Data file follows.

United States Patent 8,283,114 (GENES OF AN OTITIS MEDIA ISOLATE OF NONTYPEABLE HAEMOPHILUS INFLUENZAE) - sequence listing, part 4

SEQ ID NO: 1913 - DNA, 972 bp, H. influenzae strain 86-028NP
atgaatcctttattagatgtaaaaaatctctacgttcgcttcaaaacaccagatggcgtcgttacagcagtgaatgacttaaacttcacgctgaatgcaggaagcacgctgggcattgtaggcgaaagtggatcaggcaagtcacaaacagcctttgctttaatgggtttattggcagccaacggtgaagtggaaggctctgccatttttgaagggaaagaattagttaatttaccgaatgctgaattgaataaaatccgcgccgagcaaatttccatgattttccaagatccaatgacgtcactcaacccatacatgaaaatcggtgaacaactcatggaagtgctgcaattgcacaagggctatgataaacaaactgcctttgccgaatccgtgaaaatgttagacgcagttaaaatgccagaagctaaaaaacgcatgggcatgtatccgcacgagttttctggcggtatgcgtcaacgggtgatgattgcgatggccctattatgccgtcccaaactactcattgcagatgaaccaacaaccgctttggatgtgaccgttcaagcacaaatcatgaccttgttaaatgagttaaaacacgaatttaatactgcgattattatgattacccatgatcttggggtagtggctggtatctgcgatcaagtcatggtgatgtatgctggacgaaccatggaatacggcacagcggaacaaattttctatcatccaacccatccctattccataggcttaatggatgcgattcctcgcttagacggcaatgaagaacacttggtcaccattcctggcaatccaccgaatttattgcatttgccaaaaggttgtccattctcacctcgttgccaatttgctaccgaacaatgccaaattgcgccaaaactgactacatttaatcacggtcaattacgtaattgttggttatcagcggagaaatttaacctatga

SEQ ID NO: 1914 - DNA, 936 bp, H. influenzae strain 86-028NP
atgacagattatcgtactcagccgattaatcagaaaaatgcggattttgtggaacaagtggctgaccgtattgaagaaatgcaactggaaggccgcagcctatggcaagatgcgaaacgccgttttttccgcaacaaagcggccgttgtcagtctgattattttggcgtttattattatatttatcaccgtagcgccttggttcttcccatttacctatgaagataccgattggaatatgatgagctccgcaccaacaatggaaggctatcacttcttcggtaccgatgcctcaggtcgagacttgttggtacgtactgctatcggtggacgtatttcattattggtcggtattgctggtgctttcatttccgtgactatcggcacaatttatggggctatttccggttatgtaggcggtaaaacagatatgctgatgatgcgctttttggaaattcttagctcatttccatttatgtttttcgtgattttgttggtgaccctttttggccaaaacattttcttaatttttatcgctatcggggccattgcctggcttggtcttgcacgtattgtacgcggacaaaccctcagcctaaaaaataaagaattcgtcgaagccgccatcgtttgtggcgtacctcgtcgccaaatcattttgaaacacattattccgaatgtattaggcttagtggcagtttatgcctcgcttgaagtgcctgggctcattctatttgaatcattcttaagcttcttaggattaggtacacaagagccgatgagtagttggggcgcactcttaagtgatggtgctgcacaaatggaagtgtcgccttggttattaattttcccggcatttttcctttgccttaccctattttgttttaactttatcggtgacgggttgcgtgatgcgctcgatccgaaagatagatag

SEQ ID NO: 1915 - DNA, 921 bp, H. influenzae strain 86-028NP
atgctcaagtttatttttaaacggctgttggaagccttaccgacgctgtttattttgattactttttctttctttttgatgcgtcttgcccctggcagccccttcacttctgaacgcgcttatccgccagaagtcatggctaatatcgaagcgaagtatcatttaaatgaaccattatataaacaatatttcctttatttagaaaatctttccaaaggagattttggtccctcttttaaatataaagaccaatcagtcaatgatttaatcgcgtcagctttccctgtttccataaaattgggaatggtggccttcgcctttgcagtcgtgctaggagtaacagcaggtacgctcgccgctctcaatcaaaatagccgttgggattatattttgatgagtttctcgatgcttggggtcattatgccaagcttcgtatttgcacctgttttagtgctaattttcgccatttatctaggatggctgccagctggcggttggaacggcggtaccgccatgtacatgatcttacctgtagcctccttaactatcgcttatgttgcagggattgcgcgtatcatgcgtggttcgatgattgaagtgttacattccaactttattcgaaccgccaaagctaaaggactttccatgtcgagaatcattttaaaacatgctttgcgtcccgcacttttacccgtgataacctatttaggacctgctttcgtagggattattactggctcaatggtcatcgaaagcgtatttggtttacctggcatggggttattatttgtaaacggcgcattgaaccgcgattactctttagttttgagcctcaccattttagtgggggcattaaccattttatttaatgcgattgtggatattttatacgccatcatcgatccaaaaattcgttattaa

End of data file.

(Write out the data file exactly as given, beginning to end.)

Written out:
United States Patent 8,283,114 (GENES OF AN OTITIS MEDIA ISOLATE OF NONTYPEABLE HAEMOPHILUS INFLUENZAE) - sequence listing, part 4

SEQ ID NO: 1913 - DNA, 972 bp, H. influenzae strain 86-028NP
atgaatcctttattagatgtaaaaaatctctacgttcgcttcaaaacaccagatggcgtcgttacagcagtgaatgacttaaacttcacgctgaatgcaggaagcacgctgggcattgtaggcgaaagtggatcaggcaagtcacaaacagcctttgctttaatgggtttattggcagccaacggtgaagtggaaggctctgccatttttgaagggaaagaattagttaatttaccgaatgctgaattgaataaaatccgcgccgagcaaatttccatgattttccaagatccaatgacgtcactcaacccatacatgaaaatcggtgaacaactcatggaagtgctgcaattgcacaagggctatgataaacaaactgcctttgccgaatccgtgaaaatgttagacgcagttaaaatgccagaagctaaaaaacgcatgggcatgtatccgcacgagttttctggcggtatgcgtcaacgggtgatgattgcgatggccctattatgccgtcccaaactactcattgcagatgaaccaacaaccgctttggatgtgaccgttcaagcacaaatcatgaccttgttaaatgagttaaaacacgaatttaatactgcgattattatgattacccatgatcttggggtagtggctggtatctgcgatcaagtcatggtgatgtatgctggacgaaccatggaatacggcacagcggaacaaattttctatcatccaacccatccctattccataggcttaatggatgcgattcctcgcttagacggcaatgaagaacacttggtcaccattcctggcaatccaccgaatttattgcatttgccaaaaggttgtccattctcacctcgttgccaatttgctaccgaacaatgccaaattgcgccaaaactgactacatttaatcacggtcaattacgtaattgttggttatcagcggagaaatttaacctatga

SEQ ID NO: 1914 - DNA, 936 bp, H. influenzae strain 86-028NP
atgacagattatcgtactcagccgattaatcagaaaaatgcggattttgtggaacaagtggctgaccgtattgaagaaatgcaactggaaggccgcagcctatggcaagatgcgaaacgccgttttttccgcaacaaagcggccgttgtcagtctgattattttggcgtttattattatatttatcaccgtagcgccttggttcttcccatttacctatgaagataccgattggaatatgatgagctccgcaccaacaatggaaggctatcacttcttcggtaccgatgcctcaggtcgagacttgttggtacgtactgctatcggtggacgtatttcattattggtcggtattgctggtgctttcatttccgtgactatcggcacaatttatggggctatttccggttatgtaggcggtaaaacagatatgctgatgatgcgctttttggaaattcttagctcatttccatttatgtttttcgtgattttgttggtgaccctttttggccaaaacattttcttaatttttatcgctatcggggccattgcctggcttggtcttgcacgtattgtacgcggacaaaccctcagcctaaaaaataaagaattcgtcgaagccgccatcgtttgtggcgtacctcgtcgccaaatcattttgaaacacattattccgaatgtattaggcttagtggcagtttatgcctcgcttgaagtgcctgggctcattctatttgaatcattcttaagcttcttaggattaggtacacaagagccgatgagtagttggggcgcactcttaagtgatggtgctgcacaaatggaagtgtcgccttggttattaattttcccggcatttttcctttgccttaccctattttgttttaactttatcggtgacgggttgcgtgatgcgctcgatccgaaagatagatag

SEQ ID NO: 1915 - DNA, 921 bp, H. influenzae strain 86-028NP
atgctcaagtttatttttaaacggctgttggaagccttaccgacgctgtttattttgattactttttctttctttttgatgcgtcttgcccctggcagccccttcacttctgaacgcgcttatccgccagaagtcatggctaatatcgaagcgaagtatcatttaaatgaaccattatataaacaatatttcctttatttagaaaatctttccaaaggagattttggtccctcttttaaatataaagaccaatcagtcaatgatttaatcgcgtcagctttccctgtttccataaaattgggaatggtggccttcgcctttgcagtcgtgctaggagtaacagcaggtacgctcgccgctctcaatcaaaatagccgttgggattatattttgatgagtttctcgatgcttggggtcattatgccaagcttcgtatttgcacctgttttagtgctaattttcgccatttatctaggatggctgccagctggcggttggaacggcggtaccgccatgtacatgatcttacctgtagcctccttaactatcgcttatgttgcagggattgcgcgtatcatgcgtggttcgatgattgaagtgttacattccaactttattcgaaccgccaaagctaaaggactttccatgtcgagaatcattttaaaacatgctttgcgtcccgcacttttacccgtgataacctatttaggacctgctttcgtagggattattactggctcaatggtcatcgaaagcgtatttggtttacctggcatggggttattatttgtaaacggcgcattgaaccgcgattactctttagttttgagcctcaccattttagtgggggcattaaccattttatttaatgcgattgtggatattttatacgccatcatcgatccaaaaattcgttattaa